Now, somehow, the Nationals managed to finish 11th among all teams in ERA last season with only one month of Strasburg and Zimmermann missing a month. But asking for that to happen again would be like sitting down at a McDonald’s and asking for a waiter. You can certainly try it, but people will laugh towards you, and you should expect to come away disappointed.
Nationals GM Mike Rizzo apparently avoided McDonald’s altogether, going for some fine dining in the land where waiters are plentiful, and also really, really expensive. Because while the Nationals now have a couple of extremely talented young starting pitchers in Gio Gonzalez and Edwin Jackson, they also gave up significant amounts of talent and money in order to do so.
Neither Gonzalez nor Jackson is an ace, so there shouldn’t be any confusion there. But they both have big-time fastballs, and easily could register 4 WAR or more by moving to the friendlier confines of the National League. Durability is also a plus with both pitchers, as each has pitched over 400 innings over the past two seasons.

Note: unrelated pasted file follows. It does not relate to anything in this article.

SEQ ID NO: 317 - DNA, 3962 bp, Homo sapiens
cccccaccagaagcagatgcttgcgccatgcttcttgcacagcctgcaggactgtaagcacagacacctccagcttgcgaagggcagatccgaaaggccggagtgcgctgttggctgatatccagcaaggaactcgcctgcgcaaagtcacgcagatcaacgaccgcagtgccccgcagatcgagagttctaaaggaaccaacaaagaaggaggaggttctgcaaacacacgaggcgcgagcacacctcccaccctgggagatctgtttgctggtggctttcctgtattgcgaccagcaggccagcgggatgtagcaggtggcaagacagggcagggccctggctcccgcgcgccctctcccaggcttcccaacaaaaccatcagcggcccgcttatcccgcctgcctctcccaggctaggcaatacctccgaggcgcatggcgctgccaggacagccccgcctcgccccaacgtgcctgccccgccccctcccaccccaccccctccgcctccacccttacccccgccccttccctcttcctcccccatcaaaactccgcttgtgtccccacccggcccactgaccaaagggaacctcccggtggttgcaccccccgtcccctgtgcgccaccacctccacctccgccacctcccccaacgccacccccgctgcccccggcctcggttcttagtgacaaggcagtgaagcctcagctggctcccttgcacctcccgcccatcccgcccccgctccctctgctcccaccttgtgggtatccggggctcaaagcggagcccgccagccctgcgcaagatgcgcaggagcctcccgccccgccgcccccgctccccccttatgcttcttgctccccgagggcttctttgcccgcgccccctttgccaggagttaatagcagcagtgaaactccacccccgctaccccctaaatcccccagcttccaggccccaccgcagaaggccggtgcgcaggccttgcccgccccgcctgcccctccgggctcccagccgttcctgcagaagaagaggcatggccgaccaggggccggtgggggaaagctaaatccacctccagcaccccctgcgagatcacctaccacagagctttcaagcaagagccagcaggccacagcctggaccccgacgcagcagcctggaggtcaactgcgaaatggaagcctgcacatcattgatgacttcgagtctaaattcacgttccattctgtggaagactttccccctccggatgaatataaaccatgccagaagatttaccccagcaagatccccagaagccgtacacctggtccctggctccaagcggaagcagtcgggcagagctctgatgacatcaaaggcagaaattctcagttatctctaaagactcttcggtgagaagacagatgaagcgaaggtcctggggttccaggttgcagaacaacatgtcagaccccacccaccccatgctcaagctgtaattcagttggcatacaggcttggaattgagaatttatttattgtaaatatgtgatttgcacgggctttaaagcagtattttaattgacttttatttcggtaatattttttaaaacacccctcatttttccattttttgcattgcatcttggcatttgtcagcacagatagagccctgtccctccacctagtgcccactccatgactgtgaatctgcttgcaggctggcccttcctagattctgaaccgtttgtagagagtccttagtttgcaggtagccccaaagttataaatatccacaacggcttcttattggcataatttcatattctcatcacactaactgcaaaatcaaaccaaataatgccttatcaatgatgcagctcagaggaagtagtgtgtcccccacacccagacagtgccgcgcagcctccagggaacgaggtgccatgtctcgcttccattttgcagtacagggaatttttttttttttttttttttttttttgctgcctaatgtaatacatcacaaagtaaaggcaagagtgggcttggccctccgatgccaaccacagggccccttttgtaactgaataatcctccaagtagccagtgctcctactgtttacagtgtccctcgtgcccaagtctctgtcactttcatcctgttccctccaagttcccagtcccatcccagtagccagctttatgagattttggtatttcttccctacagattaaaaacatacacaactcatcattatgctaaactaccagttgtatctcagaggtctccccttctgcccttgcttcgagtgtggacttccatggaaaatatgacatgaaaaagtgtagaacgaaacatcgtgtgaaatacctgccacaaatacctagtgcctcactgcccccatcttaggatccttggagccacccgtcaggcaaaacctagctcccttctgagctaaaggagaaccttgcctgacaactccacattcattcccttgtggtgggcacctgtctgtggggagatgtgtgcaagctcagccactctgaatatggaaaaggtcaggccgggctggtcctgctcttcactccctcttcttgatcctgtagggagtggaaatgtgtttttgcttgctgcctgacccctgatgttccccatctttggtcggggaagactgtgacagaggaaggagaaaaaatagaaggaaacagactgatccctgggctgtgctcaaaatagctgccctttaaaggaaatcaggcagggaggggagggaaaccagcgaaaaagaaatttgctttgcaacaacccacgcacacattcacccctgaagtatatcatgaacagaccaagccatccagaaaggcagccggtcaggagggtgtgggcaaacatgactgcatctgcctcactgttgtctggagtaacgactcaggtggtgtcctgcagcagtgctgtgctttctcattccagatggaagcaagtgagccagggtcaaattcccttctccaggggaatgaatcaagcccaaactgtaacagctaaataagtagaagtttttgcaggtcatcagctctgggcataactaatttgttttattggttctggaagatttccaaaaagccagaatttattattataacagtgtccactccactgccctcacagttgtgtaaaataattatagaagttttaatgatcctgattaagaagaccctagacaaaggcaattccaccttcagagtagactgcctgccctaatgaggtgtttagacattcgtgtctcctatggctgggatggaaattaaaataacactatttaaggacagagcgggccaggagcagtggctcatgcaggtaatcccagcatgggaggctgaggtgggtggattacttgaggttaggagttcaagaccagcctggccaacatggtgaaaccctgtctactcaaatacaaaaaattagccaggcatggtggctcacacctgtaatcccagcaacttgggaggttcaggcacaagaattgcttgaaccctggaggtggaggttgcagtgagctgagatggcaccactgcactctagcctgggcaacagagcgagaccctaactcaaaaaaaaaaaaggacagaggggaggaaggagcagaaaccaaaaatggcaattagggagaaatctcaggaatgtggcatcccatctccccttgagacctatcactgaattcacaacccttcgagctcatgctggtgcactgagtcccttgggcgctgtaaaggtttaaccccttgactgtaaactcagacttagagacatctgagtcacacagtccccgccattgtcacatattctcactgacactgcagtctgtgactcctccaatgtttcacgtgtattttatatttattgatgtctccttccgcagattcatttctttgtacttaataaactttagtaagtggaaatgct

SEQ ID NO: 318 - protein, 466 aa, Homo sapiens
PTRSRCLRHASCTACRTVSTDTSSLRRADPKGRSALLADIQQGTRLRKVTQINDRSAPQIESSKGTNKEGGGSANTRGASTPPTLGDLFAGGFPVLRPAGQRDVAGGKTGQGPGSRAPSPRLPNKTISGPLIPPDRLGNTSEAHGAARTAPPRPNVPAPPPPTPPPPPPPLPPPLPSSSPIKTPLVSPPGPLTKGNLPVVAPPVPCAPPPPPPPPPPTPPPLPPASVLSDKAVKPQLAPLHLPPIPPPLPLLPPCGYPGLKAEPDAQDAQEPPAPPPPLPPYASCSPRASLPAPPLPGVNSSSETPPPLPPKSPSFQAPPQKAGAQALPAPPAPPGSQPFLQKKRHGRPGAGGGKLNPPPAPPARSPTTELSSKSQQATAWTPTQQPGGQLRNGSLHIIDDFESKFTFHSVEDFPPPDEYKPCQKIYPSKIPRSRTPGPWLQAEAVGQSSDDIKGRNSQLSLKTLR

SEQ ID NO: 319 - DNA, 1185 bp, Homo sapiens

What you’re basically seeing here is Washington "going for it," for the lack of a better term, by landing two young, but experienced and costly, starters. And presumably, one of the biggest reasons for doing so is the return of a pitching phenom.
A Strasburgian Return
Having both Gonzalez and Jackson allows the Nationals to go four pitchers deep in above-average starters. That certainly gives Washington a variety of benefits, but a big one is that it takes pressure off Stephen Strasburg to shoulder an unduly load as he returns from Tommy John surgery.
As long as he’s been around, Strasburg is still just 23. He’s still a huge part of the Nationals’ future. And as important as he is to Washington’s chances in 2012, it’s even more important that he’s around to make a difference in the years beyond. This is still a young team that’s maturing, and like Strasburg, it won’t peak for a couple of years.